Who knew horse pee could double as a preservative?! It’s enough to make you see them in a whole new light. Daisy may be sassy, but she’s also pretty dang brilliant if you ask me.

At this point I was feelin’ pretty foolish for ever judgin’ old Daisy harshly. She was just doin’ what comes naturally to keep her space and stash up to her standards. I may not fully understand horse logic, but their instincts sure do make practical sense. Still funny to see an animal preserve its hay that way, but hey – whatever works, right?

The Science of Scent

Horses have an incredible sense of smell that puts our sniffers to shame. Their noses contain over 300 million sensory receptor cells compared to our pitiful 5 million.

why do horses urinate on their hay

This highly developed olfactory system allows them to identify other horses, read emotional states, sense impending weather changes, and even detect anxiety or illness in each other from afar.

With nostrils that can expand to bring in more scent molecules, horses essentially have a super sniffer built for surviving the dangers of the wild.

Their brain is also wired for quick scent processing, recognition and memory formation. Studies show horses can differentiate between individuals just by smell alone. Even twins that share nearly identical scents can be told apart through their unique personal odors.

It’s like they have a mental scent Rolodex in their heads! Researchers have discovered horses rely heavily on olfaction for navigating social relationships and communicating non-verbally with one stable mates.

Urine provides the strongest vehicle for sending smell messages to other horses. By urinating in a confined area, a horse saturates it with their personal pheromone signature coded in scent glands.

These olfactory signals impart all types of info without vocalization like ID, mood, age, sex and hormonal state. Regularly re-marking with pee helps them preserve dominance hierarchies and bonds of familiarity within herd dynamics.

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So in summary – equine social lives revolve around sophisticated scent language only they can perceive. Their urinary communications allow for complex interaction, recognition and memory primarily through the miraculous nose. No wonder marking territory with pee plays such an important natural role!

The Evolution of Hay Hygiene

Long before agricultural times, wild horses survived on grasses, shoots, leaves and equine browse found across habitats like forests and prairies.

While scavenging the open ranges, contaminated plants posed dangers like toxic molds, spoiled forage or insect infestations. Such risks threatened health and even starvation if consumed.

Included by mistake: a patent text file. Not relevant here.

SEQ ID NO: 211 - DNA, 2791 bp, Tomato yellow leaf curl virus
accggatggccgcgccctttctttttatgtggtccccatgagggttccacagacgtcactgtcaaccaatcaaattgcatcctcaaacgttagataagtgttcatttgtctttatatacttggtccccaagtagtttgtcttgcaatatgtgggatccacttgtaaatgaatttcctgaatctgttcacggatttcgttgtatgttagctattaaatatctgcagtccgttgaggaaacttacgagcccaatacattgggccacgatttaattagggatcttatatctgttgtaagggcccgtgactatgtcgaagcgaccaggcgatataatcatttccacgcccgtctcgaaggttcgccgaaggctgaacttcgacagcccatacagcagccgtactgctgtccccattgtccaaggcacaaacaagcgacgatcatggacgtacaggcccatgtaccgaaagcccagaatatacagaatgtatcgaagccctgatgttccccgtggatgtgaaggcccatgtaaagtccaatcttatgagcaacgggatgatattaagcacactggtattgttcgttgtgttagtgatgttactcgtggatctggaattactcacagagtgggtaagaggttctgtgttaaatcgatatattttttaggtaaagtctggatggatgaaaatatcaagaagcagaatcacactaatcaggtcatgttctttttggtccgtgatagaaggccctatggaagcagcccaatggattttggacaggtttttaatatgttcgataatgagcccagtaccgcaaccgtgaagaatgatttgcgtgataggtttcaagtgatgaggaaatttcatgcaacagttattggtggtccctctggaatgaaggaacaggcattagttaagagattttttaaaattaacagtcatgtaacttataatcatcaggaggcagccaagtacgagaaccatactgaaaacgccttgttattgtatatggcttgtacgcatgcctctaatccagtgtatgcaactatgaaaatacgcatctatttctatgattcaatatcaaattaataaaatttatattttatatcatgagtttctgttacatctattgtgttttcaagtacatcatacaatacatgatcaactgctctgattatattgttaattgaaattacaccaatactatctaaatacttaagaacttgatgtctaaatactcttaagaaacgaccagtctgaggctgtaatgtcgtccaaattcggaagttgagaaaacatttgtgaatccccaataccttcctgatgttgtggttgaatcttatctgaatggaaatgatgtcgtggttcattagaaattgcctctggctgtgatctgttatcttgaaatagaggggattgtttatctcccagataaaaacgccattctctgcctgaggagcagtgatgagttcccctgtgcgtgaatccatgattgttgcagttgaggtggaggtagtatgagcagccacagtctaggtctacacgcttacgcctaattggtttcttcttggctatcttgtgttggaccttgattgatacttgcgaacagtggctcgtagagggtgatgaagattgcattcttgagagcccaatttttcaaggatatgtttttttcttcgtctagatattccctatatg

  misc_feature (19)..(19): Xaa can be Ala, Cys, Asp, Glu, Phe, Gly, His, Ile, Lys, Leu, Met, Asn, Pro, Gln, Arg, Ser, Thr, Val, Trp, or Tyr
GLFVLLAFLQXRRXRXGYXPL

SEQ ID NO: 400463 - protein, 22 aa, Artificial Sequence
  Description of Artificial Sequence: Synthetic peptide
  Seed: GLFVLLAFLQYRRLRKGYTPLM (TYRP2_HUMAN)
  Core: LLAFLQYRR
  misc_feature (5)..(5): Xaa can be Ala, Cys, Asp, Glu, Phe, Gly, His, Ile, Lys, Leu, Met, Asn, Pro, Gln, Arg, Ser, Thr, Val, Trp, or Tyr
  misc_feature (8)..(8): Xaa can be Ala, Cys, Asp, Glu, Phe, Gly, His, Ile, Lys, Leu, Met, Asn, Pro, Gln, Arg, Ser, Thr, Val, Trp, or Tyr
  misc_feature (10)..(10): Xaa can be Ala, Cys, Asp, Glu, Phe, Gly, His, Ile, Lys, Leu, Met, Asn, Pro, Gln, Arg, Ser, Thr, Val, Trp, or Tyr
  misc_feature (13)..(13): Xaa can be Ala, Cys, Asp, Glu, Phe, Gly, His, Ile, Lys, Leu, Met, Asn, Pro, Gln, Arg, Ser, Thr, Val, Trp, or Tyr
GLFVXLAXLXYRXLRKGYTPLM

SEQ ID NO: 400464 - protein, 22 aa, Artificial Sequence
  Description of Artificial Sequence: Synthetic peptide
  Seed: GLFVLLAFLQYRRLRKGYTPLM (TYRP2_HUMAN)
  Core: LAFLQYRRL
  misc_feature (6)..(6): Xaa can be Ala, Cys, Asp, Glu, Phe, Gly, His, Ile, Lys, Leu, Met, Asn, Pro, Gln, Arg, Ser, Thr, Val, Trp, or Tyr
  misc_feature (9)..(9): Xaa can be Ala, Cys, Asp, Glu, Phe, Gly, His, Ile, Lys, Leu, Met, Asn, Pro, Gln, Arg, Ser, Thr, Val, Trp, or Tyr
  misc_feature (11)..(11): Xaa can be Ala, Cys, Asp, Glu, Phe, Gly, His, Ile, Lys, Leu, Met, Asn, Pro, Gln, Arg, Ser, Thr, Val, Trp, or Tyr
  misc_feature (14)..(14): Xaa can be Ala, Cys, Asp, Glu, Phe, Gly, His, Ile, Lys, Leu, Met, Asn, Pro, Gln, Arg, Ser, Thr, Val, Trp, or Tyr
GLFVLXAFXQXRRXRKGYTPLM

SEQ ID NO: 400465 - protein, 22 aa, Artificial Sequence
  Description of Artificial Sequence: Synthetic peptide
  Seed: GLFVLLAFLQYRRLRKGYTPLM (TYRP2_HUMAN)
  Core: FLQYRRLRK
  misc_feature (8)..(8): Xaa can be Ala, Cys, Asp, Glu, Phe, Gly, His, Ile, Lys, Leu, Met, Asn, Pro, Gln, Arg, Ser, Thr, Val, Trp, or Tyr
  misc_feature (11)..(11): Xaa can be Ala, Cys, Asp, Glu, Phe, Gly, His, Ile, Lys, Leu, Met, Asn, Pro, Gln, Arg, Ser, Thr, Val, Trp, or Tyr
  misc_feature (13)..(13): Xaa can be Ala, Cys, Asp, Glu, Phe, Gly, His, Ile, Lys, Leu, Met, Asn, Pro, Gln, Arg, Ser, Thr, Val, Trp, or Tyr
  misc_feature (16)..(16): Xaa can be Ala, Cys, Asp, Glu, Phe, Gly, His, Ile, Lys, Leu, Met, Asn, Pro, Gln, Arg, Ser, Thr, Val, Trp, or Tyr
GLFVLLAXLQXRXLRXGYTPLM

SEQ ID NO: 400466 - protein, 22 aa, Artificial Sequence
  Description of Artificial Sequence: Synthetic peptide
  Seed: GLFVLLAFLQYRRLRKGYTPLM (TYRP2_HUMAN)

Through the evolutionary process, equines developed handy pee preservatives killing microbes in eaten vegetation. The ammonia and other chemicals in urine produce an optimal pH to inhibit decomposing bacteria and fungi.

Regular urination while grazing essentially sterilized food on the go with natural antiseptics. Over millennia, this ingenious technique helped strengthen immunes systems and support gut health against an array of wild threats.

As horses transitioned to domesticated lifestyles with easier forage access, innate hygienic habits carried on. Stabled animals still rely on the antimicrobial effects of pee to sanitize isolated food sources like hay.

Although yards provide cleaner environments, traces of molds, mites and microbes remain. Equine instincts demand proven pee-based preservation methods be applied for safety reasons inherited through the wild horse past.

Therefore healthy hay urination stems from ancient adaptive traits initially selected by nature. It represents the evolution of equine survival skills for finding, consuming and keeping consumed foods microbe-free.

Hay may be new, but penning pee practices are an engrained part of their preservation-focused biological programming.

The Appeal of Ammonia

Fresh urine contains over 95% water and the rest includes essential electrolytes, hormones, nitrogenous wastes and a strong-smelling compound called ammonia.

Produced as a byproduct of protein metabolism, ammonia gives equine pee its distinctively pungent aroma we’re all familiar with. But horses don’t just smell it – they purposefully seek it out!

Research shows horses are actually attracted to the scent of ammonia. When presented with urine-soaked rags versus plain ones, they always show preference for the stinky version, carefully investigating it with prolonged sniffing.

As prey animals vulnerable to predation, they’ve evolved to detect ammonia as a defining odor of other horses nearby. It provides valuable information about friends, rivals and potential mates within the equine community.

Ammonia’s abundance in urine also makes it the main ingredient for effective territory marking through scent trails. Its potency permeates environments, lasting far longer than other volatile scents.